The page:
Peacekeeping replaces pipelines in Canada - U.S. dialogue
President Barack Obama addresses Parliament today as U.S. officials talk up 'peacekeeping'
Canada quietly left the door open Wednesday to participating in a United Nations cease fire observer mission, should the Colombian government make a request.
Background documents, released as part of the North American Leaders' Summit in Ottawa, praised efforts by the country's president, Juan Manuel Santos, to secure a final peace deal with Fuerzas Armadas Revolucionarias de Colombia (FARC), left-wing rebels who've fought running battles with the South American government for five decades.
The three leaders said they strongly support the recent establishment of the UN Special Political Mission, which will deploy to monitor and verify the final cease fire.
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"Mexico has recently announced that it will send observers for the UN Mission following the signature of a final peace agreement," said the documents, which flesh out the myriad promises and proposals made by the leaders.
"Canada will support initiatives directly responsive to the government of Colombia's priorities for peace implementation."
U.S. officials — even before the summit — were openly uttering what some in Canadian military circles call the "p-word."
Washington wanted support "co-ordinating peacekeeping around the world," Mark Feierstein, a senior director at the U.S. National Security Council, said Tuesday.
Options for peacekeeping
It wasn't that long ago that American officials, during the Bush Administration's war in Iraq, referred to peacekeeping with disdain.
But the diplomatic language in the statement Wednesday shows the conversation between Ottawa and Washington, which has been focused on oil pipelines for years, had shifted to how both nations can meet the challenges of an increasingly turbulent world.
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Federal sources told CBC News that defence planners have been examining various options for a peacekeeping mission in Colombia since the UN approved a request for an unarmed force last January.
Prior to the summit, Prime Minister Justin Trudeau's office released a statement that said Canada will use its expertise to help Mexico establish itself as a reputable peacekeeping nation.
Mexican efforts to establish its own peacekeeping training centre and to participate in UN operations were welcomed.
"Canada is prepared to further its support to Mexico in the development of a peacekeeping training institution by facilitating access to expertise from the Canadian Armed Forces training schools," the statement read.
Utilizing Canada's expertise and reputation in peacekeeping was expected to be one of the subjects up for discussion between Trudeau and U.S. President Barack Obama on Wednesday. The pair were to meet at the conclusion of the Three Amigos Summit and before the U.S. president's historic address to Parliament.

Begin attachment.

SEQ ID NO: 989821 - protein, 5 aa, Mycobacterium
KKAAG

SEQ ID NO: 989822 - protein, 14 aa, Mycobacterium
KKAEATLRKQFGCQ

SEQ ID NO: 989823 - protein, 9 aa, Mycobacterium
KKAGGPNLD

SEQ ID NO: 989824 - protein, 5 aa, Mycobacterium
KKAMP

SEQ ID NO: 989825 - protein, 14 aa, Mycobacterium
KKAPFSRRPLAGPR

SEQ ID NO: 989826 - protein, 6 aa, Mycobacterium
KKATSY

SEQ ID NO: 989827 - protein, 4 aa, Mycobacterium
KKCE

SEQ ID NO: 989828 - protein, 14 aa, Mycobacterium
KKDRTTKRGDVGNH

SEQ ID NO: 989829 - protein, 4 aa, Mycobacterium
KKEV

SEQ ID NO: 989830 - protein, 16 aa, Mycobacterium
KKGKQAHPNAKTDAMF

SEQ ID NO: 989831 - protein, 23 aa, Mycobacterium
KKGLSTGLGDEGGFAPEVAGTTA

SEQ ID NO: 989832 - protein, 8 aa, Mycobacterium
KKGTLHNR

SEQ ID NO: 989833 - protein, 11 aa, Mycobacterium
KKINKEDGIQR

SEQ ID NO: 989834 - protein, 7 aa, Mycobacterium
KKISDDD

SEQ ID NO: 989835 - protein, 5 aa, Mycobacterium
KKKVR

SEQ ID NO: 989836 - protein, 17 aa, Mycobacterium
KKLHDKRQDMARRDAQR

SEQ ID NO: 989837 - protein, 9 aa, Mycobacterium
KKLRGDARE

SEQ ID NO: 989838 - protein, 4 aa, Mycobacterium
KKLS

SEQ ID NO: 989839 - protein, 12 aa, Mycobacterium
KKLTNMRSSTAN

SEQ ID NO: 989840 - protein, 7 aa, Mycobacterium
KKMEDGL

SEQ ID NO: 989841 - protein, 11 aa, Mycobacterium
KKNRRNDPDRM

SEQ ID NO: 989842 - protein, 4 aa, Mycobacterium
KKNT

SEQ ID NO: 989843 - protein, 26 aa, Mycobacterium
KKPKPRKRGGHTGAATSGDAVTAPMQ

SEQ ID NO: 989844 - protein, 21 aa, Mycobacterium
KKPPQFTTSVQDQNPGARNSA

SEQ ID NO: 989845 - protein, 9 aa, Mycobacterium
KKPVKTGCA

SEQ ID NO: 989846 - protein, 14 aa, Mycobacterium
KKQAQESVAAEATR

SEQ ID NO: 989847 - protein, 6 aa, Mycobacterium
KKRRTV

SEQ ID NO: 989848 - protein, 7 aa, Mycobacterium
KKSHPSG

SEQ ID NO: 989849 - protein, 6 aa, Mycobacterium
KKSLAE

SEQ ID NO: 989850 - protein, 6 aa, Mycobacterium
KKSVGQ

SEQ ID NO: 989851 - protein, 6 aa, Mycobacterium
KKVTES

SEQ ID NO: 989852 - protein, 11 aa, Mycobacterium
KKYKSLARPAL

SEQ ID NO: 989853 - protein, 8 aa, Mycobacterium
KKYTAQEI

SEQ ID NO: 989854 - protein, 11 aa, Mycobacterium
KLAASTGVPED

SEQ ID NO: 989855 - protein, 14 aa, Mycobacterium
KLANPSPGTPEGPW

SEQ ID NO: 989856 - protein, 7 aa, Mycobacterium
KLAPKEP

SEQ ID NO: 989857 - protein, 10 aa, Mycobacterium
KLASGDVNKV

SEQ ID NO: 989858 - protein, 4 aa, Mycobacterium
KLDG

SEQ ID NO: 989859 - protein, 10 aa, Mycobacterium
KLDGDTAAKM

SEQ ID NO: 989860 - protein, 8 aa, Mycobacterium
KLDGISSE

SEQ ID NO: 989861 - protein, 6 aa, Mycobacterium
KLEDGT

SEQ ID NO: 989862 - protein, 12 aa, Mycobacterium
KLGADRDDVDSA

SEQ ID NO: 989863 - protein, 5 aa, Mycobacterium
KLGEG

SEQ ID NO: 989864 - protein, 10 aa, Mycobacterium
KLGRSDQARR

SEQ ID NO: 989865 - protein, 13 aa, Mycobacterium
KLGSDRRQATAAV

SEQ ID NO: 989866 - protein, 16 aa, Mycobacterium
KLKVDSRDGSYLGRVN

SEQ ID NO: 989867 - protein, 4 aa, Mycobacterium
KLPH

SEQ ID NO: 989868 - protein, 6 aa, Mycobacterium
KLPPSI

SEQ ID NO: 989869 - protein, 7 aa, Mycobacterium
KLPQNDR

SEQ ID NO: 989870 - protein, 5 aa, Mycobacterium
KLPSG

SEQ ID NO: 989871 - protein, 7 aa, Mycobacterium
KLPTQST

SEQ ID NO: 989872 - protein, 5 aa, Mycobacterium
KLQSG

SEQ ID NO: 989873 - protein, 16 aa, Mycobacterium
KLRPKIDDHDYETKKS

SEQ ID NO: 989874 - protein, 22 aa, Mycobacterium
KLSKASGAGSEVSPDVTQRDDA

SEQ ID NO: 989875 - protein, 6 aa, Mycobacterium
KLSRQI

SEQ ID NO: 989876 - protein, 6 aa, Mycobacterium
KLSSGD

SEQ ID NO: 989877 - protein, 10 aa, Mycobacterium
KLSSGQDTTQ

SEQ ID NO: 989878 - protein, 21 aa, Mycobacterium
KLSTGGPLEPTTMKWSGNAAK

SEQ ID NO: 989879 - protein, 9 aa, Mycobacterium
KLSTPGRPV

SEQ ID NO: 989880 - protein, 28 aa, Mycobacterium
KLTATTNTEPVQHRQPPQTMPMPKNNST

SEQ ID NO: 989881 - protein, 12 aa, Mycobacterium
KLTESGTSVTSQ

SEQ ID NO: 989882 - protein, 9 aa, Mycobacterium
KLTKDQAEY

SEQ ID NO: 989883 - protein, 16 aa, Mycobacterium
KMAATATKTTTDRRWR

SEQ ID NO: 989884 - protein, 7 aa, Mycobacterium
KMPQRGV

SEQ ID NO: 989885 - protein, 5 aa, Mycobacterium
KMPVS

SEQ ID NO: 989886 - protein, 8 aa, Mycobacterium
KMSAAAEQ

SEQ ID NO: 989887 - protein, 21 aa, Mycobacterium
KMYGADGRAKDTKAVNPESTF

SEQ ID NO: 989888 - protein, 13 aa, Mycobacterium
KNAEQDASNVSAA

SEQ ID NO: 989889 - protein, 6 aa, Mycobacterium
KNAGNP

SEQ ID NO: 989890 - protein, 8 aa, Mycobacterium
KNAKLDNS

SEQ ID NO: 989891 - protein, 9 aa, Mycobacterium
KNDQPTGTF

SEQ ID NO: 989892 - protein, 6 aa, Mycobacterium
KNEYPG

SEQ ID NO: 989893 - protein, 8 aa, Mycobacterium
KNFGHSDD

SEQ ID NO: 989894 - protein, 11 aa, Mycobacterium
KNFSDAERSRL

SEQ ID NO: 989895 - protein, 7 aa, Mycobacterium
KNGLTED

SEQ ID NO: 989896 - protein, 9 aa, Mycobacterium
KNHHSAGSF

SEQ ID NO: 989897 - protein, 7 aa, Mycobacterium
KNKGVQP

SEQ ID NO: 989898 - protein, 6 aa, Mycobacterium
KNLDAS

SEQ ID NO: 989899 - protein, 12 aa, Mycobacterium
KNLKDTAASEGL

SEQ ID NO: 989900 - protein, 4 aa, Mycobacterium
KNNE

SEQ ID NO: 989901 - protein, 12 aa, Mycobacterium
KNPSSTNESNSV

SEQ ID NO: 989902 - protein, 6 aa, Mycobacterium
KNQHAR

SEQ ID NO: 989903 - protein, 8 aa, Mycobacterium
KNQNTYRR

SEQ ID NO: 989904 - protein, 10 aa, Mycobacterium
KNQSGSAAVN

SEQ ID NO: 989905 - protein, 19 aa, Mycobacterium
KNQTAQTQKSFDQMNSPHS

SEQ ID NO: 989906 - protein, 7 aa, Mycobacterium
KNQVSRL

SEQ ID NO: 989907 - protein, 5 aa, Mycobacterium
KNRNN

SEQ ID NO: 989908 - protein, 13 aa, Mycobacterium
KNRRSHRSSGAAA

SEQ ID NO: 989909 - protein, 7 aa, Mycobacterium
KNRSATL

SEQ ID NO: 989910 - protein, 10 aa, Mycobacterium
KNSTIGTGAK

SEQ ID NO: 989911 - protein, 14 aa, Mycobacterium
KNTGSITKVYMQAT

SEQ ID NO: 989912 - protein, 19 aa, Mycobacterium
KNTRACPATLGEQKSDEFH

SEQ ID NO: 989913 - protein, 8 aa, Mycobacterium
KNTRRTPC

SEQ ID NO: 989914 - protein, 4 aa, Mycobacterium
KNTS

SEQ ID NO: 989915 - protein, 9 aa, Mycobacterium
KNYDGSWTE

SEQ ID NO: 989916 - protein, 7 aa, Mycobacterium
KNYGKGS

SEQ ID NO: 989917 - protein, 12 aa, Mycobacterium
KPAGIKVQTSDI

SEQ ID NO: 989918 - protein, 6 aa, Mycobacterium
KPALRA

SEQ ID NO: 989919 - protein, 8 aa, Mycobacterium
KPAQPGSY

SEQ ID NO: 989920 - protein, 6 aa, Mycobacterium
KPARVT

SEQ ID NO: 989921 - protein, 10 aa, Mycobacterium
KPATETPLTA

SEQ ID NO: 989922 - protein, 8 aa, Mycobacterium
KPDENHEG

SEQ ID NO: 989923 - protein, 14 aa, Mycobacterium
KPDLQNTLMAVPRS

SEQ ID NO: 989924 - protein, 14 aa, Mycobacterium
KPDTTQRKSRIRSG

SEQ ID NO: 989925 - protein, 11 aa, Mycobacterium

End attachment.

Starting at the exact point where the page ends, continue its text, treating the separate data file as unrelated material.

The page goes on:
Awaiting a decision
The apparent U.S. interest in embracing peacekeeping may be music to the ears of the Liberal government, which campaigned on returning the Canada military to that kind of role.
Although Trudeau has talked up the notion, there's been little concrete indication where Canadian peacekeeping troops, equipment and know-how might be headed.
Will Canada show up in Latvia or not?- Steve Saideman , Carleton University professor
Holding a slot open for a possible peacekeeping operation was one of the suggested reasons Canada did not automatically sign on to a NATO deterrence mission in eastern Europe and the Baltic states.
The clock is ticking towards the NATO leaders summit in Warsaw and Canada has privately signalled interest, but wrestling a firm public commitment out of Canada is likely going to be high on the American agenda, said two international relations experts.
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"Will Canada show up in Latvia or not?" asked Steve Saideman, an international affairs professor at Carleton University. "In terms of a bilateral relationship, it's on the top of the list right now."
The U.S., Britain and Germany have already said they'll contribute to the highly mobile brigade of roughly 4,000 soldiers destined for eastern Europe and meant as a show of force against Russian expansionism.
The domestic debate about whether the Canadian air force gets the F-35 or the Super Hornet, likely won't make it on to the radar, Saideman added.
Britain's break with the EU ups the stakes for NATO leaders, said Srdjan Vucetic, an associate professor of international relations at the University of Ottawa.
"NATO is looking for help to deter more of Putin's revisionism in Eastern Europe and to demonstrate post-Brexit unity," he said Tuesday.
"For Canada, the Baltic mission is relatively low-risk and it has several benefits: it builds on historical and current practices; it is likely to be popular with most Canadians, certainly relative to the sending troops to Asia or Africa; and it would give Canada clout in Brussels and Washington."
Pipeline questions — once a dominant topic of bilateral discussions under Stephen Harper's Conservatives — are all but a dead issue, according to a senior White House adviser, who seemed content to bury it under the great green initiatives and goals being rolled out today.
"I think that the partnership is explicitly focused on trying to support our country's efforts to be more ambitious with respect to climate and clean energy and the environment," Brian Deese told reporters on Tuesday. "And there will be a discussion about infrastructure for sure. The focus there is on making sure that we have harmonizing integrated infrastructure to encourage clean energy."
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